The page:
Justus Muhando was leading a project to digitally map the island of Zanzibar when COVID-19 disrupted his work.
The pandemic forced him and his team to leave Tanzania in March 2020, as lockdowns spread across Africa. A few months later, they were back. But many aspects of their work had changed profoundly.
“We have a footprint of around 500,000 buildings,” he said in a World Bank video presented at a virtual panel on April 13, 2021. “That’s a very big task.”
To accomplish it, the Kenyan company he works for, Spatial Collective, opted to use microtasking — breaking down the big task into small tasks — to train, organize and pay 10 community members to collect data by going door to door with tablets, all while following COVID-19 safety measures.
“Microtasking is faster, more digital,” he said. “We train you, and then using tools like WhatsApp, we give out tasks. Then we do payment by mobile money.”
COVID-19 has taken the lives of more than 126,000 people in Africa and caused immense economic pain. It has forced businesses to adapt and people to redefine their idea of work and workplaces.
Albert Zeufack, the World Bank’s chief economist for Africa, opened the panel discussion by calling on countries to invest in digital skills and infrastructure.
“The digital economy in Africa is positioning itself to drive the future of work,” he said. “Most firms have increased their connectivity to digital tools, and more people are using e-commerce across the continent.”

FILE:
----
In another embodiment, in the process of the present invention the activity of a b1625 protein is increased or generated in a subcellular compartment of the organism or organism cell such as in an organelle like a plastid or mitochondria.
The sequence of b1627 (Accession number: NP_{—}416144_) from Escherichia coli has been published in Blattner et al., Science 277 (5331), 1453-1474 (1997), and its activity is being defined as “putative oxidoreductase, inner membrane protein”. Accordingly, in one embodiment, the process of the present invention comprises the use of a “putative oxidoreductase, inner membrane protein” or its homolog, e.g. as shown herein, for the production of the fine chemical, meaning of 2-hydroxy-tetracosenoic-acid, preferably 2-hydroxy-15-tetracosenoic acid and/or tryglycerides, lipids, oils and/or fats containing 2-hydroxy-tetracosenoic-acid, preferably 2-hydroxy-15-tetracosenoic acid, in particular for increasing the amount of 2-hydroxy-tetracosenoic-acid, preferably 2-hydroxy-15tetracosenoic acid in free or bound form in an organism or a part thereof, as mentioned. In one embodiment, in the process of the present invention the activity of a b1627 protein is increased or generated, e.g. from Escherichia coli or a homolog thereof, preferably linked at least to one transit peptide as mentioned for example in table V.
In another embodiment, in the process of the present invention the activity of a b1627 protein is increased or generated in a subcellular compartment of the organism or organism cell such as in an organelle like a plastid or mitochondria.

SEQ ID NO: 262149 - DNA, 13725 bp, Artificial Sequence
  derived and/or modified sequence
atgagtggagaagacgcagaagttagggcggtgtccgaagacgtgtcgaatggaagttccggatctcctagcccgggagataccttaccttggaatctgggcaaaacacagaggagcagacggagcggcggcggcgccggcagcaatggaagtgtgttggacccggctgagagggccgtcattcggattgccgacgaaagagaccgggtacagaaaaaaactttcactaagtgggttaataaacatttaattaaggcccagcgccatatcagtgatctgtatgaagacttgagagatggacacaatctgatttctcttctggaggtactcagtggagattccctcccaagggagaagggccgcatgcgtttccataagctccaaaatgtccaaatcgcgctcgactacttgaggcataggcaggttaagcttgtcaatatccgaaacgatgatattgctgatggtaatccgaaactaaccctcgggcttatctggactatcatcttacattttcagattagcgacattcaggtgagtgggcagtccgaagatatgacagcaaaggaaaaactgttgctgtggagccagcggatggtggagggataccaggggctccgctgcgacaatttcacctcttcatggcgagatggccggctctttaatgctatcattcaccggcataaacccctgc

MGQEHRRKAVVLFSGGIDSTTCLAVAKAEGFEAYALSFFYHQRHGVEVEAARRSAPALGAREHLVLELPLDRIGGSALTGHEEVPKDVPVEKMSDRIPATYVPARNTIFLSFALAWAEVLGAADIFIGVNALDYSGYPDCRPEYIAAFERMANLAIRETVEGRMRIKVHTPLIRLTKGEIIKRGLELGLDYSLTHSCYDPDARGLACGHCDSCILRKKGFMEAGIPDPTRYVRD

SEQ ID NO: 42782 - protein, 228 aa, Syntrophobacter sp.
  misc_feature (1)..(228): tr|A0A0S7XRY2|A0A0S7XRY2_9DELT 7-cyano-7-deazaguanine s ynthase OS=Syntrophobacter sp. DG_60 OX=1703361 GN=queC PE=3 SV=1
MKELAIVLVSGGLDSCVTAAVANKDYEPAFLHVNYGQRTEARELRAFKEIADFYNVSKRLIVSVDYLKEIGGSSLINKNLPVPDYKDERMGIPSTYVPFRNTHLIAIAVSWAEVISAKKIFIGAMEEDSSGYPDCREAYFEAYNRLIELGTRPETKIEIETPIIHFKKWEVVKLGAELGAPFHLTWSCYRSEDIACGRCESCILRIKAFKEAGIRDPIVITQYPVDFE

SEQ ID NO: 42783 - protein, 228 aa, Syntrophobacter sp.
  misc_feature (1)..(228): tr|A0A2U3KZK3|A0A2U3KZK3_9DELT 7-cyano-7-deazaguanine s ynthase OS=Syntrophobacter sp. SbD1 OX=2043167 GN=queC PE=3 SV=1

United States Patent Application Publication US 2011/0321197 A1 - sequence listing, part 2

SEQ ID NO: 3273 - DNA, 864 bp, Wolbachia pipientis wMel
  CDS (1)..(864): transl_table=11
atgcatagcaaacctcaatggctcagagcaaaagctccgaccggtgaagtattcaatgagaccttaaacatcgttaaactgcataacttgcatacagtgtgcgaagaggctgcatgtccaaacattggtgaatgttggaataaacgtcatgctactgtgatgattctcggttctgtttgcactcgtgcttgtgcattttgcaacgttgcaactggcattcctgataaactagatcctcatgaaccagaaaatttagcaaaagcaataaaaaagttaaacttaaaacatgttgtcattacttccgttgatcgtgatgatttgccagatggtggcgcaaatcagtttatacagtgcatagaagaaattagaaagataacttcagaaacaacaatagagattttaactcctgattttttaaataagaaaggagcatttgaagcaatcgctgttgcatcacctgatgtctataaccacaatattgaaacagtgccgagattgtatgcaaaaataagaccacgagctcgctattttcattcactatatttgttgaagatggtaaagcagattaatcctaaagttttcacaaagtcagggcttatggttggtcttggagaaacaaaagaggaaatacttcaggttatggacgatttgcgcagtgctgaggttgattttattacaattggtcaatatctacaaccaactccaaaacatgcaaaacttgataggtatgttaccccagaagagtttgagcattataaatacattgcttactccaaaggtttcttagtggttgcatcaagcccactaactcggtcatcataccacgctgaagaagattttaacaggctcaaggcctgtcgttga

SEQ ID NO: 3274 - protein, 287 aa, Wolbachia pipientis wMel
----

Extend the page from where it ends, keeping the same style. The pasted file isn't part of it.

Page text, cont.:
The effects of COVID-19 lockdowns and social distancing stimulated innovation and collaboration. The pandemic quickly showed that video conferencing made remote work viable for many.
Countries such as South Africa have experienced major shifts across the board. Many in the formal work sector telework. More than 2.5 million workers in South Africa are part of the informal sector with little or no benefits and support from employers.
Others in South Africa’s growing gig economy, also known as freelance or contract workers, were hit hard by unemployment.
Marc Kahn, global head of people and organization for South African financial services company Investec, sees the wave of unemployment as an opportunity.
“People are, in effect, going to be independent self-proprietors, selling their labor,” he said on the company’s website. “In the future world of the gig economy, people will cluster together in sensible ways and then uncluster and reconnect in various gigs to deliver a very agile value chain.
“That’s the future world.”
The young median age of Africa’s population is considered a strength in terms of adapting to technology and a changing landscape.
However, most African countries have seen most of their people struggle with COVID-19-related unemployment and poverty. The pandemic has exacerbated an already growing gap between the haves and have nots, according to Ibrahima Guimba-Saïdou, director general of the National Agency for the Information Society in Niger.
“We have accelerated into the fourth industrial revolution, which is based on technology,” he said during the virtual panel. “One of the biggest challenges for us is to get our people connected. Even in the major cities we barely have good internet connectivity. We have energy problems. That’s where the priority now needs to be.”
Still, Zeufack said the impact of the COVID-19-triggered 2020 recession in Sub-Saharan Africa is less severe than anticipated.
The World Bank’s 2021 forecast for growth in the region is 2.3% to 3.4%. In 2022, inflation-adjusted gross domestic product could grow 3.1% to 4.5%.
“Prospects for recovery in the region are strengthening,” he said. “Sustaining economic growth above 4.5% is absolutely necessary for our countries to start rolling back some of the severe damage inflicted to our economies by COVID-19.
“We know this is possible if we make the right investments.”